(Image via pxHere.com)
In a press conference Empower Erie co-founders and Erie County Council members announced that the state board of education has voted to add a discussion about the proposed Erie County community college to the agenda of their May 6 meeting.
“The board made the point that they would hold a hearing within six months, and that six months is rapidly approaching on May 14,” Empower Erie co-founder Ronald DiNicola said during the conference on April 29. “So we need a hearing. Not just another discussion about having a hearing. We need to have an actual hearing.”
Erie County Council President Andre Horton said that a vote is more important now as “COVID-19 has illuminated the lack of equity, particularly in technology in the Erie School District.”
County Councilman Carl Anderson added, “We certainly are respectful and understand the situation that we are in with the COVID crisis … But we are also of the mind to know that there are other meetings being held.”
The community college advocates are “willing to change the way in which we have to potentially have this hearing, whether it’s a virtual hearing … [or] we are willing to come to Harrisburg, whatever it is that we need to do,” Anderson said.
“We know that opposition folks will be saying that, under this crisis, financial means need to be spent in other areas. But those are just excuses,” Anderson continued.
According to the council member, local funds are already set aside by gaming revenue and local philanthropic groups to fund year zero-to-one operating and capital costs for the community college.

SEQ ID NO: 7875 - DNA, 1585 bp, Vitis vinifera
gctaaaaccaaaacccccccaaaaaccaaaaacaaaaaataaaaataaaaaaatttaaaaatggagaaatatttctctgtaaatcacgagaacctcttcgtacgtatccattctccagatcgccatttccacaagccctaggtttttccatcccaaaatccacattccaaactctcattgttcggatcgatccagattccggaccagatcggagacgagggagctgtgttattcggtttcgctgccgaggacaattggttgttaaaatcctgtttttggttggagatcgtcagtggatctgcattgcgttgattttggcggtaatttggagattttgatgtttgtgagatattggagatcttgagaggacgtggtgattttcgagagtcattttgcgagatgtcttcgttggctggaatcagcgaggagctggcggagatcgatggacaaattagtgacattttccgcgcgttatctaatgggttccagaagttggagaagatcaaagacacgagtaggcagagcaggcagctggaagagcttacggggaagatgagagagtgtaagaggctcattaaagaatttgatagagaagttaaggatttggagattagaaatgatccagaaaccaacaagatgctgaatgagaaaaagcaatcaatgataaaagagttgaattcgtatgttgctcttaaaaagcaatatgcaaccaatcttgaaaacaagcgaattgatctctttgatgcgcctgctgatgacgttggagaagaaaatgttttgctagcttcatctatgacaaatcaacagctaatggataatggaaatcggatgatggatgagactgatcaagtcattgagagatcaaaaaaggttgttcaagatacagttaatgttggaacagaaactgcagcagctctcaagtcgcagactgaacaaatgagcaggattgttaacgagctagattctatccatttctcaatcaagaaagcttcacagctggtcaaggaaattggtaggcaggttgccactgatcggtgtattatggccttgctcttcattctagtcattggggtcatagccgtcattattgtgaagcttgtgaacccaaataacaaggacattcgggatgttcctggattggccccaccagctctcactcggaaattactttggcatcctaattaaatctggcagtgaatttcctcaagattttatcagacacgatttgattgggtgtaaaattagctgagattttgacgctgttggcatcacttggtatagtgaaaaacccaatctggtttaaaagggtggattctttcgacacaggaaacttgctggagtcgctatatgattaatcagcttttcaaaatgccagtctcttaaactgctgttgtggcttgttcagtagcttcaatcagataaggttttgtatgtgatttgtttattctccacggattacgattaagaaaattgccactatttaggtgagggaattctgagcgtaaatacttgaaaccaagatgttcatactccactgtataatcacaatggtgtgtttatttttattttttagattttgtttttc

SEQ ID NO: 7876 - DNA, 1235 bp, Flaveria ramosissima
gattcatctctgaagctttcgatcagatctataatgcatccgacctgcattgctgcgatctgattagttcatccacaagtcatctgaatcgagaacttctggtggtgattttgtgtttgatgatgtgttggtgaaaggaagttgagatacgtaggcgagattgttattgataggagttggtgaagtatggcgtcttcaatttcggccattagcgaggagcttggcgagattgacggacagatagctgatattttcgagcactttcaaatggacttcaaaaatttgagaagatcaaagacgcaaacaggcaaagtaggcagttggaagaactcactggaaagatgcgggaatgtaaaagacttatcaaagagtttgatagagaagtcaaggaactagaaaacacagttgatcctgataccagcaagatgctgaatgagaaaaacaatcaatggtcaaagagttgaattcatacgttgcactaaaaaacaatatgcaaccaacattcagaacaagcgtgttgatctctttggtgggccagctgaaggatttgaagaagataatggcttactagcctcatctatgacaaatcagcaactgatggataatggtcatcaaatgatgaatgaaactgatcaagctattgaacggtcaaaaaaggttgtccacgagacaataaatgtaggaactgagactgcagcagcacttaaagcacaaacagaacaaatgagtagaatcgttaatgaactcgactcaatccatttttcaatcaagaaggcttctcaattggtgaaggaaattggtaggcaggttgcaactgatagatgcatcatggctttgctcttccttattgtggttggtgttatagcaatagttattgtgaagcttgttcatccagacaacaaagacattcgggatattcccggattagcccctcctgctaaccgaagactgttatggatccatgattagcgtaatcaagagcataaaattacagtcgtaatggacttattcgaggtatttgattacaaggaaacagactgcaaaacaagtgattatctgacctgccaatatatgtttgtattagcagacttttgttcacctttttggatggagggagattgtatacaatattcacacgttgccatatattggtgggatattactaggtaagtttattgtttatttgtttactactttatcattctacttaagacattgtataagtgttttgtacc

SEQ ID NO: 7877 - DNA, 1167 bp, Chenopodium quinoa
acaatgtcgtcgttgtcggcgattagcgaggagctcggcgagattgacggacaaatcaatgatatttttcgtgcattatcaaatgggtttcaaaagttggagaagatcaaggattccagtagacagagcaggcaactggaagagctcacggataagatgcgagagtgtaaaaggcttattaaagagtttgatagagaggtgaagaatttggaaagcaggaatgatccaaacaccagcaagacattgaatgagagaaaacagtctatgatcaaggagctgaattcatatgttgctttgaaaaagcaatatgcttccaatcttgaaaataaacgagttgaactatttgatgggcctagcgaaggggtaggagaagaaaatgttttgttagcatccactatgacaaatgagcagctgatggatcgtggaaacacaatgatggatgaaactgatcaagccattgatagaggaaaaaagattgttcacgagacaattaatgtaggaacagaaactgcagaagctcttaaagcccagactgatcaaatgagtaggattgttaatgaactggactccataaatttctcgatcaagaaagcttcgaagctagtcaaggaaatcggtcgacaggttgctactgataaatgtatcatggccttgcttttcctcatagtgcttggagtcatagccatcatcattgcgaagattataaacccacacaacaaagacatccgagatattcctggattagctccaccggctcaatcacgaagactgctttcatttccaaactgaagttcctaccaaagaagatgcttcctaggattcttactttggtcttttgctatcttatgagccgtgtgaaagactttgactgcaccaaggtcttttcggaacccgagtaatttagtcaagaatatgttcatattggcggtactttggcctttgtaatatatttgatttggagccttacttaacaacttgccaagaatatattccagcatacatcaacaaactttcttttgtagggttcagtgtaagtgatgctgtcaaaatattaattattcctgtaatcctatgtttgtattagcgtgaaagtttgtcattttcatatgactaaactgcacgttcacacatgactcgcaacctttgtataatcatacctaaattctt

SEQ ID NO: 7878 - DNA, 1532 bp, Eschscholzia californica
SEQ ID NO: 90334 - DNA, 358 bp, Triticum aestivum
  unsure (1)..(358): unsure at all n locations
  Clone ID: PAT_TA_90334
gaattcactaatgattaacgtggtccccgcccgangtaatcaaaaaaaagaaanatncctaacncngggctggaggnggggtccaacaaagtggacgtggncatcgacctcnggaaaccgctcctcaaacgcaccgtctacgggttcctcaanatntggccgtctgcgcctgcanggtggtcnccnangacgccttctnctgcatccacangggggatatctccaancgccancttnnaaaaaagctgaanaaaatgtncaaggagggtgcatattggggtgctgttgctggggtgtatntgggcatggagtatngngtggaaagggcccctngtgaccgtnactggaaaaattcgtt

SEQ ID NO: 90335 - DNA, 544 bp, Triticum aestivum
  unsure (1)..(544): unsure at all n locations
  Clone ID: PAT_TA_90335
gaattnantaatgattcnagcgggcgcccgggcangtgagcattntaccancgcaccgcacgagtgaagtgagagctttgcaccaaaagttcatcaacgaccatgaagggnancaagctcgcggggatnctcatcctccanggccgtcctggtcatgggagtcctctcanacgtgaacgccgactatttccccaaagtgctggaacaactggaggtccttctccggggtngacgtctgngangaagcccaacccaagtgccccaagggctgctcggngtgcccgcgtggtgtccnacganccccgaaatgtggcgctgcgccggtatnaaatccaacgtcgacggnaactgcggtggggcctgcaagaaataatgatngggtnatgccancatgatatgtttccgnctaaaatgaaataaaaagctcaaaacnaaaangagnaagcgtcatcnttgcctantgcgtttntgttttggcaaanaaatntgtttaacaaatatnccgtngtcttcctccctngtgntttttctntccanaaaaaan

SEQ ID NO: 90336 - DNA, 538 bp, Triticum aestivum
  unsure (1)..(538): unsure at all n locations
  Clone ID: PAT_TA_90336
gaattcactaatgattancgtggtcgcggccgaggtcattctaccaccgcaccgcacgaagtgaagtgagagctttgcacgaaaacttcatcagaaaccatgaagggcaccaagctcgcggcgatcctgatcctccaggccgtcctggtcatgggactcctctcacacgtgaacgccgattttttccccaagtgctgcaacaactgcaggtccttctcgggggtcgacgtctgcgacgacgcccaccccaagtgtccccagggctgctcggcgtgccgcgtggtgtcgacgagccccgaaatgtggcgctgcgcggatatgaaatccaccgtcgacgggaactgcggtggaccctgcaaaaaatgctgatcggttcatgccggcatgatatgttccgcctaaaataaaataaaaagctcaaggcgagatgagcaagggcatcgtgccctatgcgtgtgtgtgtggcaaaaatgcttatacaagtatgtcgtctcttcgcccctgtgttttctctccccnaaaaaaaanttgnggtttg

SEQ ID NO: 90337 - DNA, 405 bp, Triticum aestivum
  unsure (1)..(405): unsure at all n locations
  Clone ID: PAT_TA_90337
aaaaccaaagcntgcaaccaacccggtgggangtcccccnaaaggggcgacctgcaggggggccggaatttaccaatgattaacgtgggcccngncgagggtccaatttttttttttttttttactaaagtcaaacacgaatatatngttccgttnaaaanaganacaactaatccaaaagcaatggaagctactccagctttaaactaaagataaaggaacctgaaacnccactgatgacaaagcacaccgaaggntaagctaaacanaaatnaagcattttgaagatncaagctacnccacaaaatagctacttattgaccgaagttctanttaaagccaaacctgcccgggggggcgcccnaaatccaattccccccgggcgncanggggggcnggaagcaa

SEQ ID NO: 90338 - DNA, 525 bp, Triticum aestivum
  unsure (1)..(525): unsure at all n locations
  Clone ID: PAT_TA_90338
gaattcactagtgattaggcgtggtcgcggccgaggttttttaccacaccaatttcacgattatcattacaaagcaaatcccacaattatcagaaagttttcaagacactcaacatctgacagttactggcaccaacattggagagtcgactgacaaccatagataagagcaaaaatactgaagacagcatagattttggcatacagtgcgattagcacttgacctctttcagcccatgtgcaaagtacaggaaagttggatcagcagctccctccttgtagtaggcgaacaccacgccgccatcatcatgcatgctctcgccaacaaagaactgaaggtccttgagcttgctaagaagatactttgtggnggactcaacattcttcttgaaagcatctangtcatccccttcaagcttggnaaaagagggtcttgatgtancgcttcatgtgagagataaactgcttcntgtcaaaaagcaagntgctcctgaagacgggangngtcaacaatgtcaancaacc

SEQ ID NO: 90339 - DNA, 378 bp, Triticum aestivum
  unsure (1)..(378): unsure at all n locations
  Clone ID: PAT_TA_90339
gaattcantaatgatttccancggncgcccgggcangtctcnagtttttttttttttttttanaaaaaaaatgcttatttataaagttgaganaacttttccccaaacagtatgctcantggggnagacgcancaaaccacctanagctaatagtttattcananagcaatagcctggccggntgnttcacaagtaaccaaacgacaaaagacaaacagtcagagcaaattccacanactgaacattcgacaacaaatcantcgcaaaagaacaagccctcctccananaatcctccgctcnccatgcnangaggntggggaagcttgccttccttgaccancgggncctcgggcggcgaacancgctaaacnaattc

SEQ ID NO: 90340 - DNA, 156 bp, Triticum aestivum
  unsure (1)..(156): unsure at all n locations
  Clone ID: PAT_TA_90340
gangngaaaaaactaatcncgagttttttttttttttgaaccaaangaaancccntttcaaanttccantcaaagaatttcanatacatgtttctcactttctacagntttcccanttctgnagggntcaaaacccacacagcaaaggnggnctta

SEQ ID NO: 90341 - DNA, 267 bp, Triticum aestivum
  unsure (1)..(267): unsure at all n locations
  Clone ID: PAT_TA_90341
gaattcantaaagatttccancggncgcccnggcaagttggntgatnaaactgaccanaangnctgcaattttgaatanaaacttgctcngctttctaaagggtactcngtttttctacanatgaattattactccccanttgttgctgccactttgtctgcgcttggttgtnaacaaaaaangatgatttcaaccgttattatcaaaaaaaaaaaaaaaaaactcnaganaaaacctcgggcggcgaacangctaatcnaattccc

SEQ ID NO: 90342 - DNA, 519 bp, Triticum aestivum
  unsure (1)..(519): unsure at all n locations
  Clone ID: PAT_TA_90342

Anderson, DiNicola and Horton expect the board’s ultimate vote to go in favor of establishing an Erie County community college.
In anticipation of a positive vote, Erie County Council — who have been given the job of staffing the college’s board of trustees — have had “preliminary discussions” about seating the board Horton said.
Empower Erie and local officials have not had discussion with the administration of Senate President Pro Tempore Joe Scarnati or Northern Pennsylvania Regional College (NPRC). Both entities were elected to present sides opposing the community college during the public hearing originally scheduled for March 18.
“County council has not had any discussion with the Northern [Pennsylvania] Regional College or Senator Scarnati,” Horton said. “We don’t think that it’s appropriate at this time.”
“In more political terms,” Anderson elaborated.“We understand and know that NPRC and Senator Scarnati would prefer never getting this hearing back on the agenda and never having to sit down in front of us and conduct this hearing because they know that we will clearly show that the criteria has been met.”
Our stories may be republished online or in print under Creative Commons license CC BY-NC-ND 4.0. We ask that you edit only for style or to shorten, provide proper attribution and link to our web site. Please see our republishing guidelines for use of photos and graphics.